Report / Factsheet

Aspirations and Women’s Empowerment: Evidence from Kyrgyzstan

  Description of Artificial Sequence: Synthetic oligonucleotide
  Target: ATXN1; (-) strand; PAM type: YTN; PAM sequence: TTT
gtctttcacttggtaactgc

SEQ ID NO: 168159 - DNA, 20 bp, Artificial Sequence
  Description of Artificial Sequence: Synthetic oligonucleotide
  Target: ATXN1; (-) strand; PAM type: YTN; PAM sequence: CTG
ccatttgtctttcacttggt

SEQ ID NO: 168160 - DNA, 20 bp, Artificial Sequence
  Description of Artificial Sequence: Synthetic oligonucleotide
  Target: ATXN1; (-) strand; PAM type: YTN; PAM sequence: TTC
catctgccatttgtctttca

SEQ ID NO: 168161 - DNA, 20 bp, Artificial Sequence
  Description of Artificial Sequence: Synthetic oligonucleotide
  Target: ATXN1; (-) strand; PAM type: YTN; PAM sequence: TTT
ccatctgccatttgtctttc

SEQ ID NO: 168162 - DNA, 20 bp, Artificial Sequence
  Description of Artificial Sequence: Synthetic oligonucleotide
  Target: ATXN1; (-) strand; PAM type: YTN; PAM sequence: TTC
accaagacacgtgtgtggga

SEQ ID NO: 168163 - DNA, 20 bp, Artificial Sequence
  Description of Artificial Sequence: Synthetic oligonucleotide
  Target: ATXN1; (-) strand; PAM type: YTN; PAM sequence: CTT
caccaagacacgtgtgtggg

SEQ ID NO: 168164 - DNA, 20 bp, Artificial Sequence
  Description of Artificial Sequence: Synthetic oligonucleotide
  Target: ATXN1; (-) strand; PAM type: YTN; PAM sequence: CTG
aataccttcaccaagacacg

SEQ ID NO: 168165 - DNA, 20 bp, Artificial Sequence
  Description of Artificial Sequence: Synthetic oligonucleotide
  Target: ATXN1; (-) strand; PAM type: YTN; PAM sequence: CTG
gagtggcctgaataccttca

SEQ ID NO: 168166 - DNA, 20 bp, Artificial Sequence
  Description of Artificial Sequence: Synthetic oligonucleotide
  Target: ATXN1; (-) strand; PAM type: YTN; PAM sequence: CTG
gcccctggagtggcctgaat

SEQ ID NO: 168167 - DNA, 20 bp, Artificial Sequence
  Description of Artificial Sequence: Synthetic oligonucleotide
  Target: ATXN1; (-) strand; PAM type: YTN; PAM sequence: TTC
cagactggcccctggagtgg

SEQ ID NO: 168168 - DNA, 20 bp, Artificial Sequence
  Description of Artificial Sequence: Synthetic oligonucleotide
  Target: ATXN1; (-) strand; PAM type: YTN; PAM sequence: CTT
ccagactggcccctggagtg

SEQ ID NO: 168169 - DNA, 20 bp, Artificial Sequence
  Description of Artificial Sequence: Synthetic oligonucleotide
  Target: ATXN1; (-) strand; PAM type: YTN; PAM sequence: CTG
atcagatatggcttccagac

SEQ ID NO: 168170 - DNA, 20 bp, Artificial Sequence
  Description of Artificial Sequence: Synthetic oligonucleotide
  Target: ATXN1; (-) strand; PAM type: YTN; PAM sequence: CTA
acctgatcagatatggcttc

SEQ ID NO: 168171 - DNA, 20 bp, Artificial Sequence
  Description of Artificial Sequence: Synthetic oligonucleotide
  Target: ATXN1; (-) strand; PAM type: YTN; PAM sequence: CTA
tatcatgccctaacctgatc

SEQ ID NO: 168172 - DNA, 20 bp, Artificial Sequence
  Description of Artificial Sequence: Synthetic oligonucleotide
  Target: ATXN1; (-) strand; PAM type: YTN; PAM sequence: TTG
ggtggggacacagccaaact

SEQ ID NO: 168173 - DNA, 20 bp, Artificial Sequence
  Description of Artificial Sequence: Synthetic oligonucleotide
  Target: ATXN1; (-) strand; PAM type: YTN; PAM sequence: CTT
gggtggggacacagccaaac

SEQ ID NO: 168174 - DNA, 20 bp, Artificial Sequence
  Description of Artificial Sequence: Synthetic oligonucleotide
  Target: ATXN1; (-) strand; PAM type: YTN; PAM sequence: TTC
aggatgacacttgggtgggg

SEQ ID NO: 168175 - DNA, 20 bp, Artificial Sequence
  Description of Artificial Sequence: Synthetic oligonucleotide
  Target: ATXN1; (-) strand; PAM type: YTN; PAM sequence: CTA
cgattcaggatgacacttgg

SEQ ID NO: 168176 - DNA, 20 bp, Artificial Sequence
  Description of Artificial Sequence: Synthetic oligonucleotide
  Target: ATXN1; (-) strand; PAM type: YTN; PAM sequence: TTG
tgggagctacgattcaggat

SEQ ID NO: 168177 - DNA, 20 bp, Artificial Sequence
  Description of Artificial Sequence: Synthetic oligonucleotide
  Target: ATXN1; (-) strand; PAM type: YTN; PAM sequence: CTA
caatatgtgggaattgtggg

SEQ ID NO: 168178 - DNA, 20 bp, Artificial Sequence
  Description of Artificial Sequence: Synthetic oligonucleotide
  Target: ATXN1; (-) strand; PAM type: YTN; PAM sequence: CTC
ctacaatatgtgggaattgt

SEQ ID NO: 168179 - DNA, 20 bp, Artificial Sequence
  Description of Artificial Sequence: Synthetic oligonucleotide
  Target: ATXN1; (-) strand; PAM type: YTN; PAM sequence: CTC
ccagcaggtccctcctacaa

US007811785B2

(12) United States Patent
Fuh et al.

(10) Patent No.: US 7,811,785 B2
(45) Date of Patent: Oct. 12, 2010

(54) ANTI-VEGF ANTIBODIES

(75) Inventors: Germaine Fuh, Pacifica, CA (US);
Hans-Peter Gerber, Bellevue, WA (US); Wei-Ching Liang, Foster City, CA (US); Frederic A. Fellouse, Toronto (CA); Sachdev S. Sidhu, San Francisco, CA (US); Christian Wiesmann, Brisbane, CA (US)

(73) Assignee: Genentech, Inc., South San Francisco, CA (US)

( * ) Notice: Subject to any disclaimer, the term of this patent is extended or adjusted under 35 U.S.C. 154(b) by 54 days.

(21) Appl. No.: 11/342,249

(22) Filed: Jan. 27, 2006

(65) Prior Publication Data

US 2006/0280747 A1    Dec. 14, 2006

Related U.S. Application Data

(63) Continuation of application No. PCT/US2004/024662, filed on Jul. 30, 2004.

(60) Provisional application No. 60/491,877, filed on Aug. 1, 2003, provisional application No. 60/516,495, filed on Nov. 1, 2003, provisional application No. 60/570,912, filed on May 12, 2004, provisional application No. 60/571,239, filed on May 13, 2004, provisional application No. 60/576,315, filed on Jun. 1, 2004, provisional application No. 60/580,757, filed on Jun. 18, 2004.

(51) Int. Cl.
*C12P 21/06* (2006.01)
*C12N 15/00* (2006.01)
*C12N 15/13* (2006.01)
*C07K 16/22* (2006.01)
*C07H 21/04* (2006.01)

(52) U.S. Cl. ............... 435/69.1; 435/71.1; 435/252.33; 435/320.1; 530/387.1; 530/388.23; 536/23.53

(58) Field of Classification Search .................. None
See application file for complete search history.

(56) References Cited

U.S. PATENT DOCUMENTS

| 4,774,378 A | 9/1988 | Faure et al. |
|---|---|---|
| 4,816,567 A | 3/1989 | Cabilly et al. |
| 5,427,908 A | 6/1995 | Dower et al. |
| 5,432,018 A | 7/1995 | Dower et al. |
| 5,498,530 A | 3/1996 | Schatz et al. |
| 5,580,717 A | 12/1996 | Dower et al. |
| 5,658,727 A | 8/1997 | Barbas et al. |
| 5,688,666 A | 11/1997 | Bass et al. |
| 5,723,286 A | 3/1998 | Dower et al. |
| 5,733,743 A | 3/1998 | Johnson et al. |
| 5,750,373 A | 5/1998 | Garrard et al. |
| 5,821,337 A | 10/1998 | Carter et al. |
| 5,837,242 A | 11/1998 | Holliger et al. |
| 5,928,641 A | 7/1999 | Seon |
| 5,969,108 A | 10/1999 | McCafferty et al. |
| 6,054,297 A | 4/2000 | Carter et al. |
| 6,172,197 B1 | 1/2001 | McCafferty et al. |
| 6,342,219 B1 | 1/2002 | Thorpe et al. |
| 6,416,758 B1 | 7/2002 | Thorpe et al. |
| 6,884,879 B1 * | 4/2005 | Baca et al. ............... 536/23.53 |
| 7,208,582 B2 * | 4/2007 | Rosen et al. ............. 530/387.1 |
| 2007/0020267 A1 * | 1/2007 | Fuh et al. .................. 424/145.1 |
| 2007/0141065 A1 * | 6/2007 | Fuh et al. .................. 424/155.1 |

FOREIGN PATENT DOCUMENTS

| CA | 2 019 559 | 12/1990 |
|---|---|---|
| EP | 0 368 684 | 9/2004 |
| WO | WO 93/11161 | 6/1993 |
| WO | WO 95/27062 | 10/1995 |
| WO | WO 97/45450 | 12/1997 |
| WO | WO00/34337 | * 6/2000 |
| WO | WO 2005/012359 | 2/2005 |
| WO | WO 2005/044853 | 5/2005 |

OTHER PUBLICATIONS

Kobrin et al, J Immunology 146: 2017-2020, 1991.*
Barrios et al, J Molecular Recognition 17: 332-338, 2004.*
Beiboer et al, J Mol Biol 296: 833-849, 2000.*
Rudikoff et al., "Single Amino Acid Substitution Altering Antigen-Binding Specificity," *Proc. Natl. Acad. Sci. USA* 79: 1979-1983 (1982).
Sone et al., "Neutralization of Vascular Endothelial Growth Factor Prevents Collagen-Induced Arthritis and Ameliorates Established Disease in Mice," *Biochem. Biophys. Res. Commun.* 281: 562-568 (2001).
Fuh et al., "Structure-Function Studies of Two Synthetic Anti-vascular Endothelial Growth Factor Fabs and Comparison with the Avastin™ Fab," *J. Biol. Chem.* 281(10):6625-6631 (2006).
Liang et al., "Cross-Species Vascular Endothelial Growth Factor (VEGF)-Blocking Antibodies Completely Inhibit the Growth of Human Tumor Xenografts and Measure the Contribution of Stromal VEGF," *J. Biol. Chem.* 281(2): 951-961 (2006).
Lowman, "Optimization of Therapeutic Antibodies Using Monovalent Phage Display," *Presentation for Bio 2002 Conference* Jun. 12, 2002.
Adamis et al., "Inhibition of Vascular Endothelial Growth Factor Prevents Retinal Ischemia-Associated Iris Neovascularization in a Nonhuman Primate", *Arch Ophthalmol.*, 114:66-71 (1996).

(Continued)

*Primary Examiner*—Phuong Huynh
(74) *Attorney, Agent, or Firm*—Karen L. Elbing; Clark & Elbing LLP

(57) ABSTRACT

Can having higher aspirations, or goals for the future, contribute to the empowerment of women? A growing literature shows that aspirations increase a host of forward-looking economic and political behaviors, from entrepreneurship to civic engagement. This has stimulated interest in development interventions aimed at reducing behavioral poverty traps. At the same time, a wealth of literature suggests that women’s empowerment and involvement in decision-making can be welfare-improving. It can increase household income and asset wealth by ensuring that women are economically active and have high levels of human capital; increase technical efficiency on the farm; and improve health, nutrition, and education outcomes for children. Linking these two literatures, we posit that one route to women’s empowerment may be to raise aspirations—either those of a woman herself, or those of her husband, who often wields considerable influence over her decision-making authority and access to resources. We find that having a husband who sets ambitious goals for himself predicts more egalitarian gender attitudes for both the husband and his wife. Higher aspirations on the part of wives also predict more egalitarian gender attitudes (for both the husband and his wife), but they additionally predict greater involvement of women in household decision-making. This suggests that efforts to fuel either men’s or women’s ambition can shift gender attitudes, but that targeting women is the more effective way to build women’s decision-making power.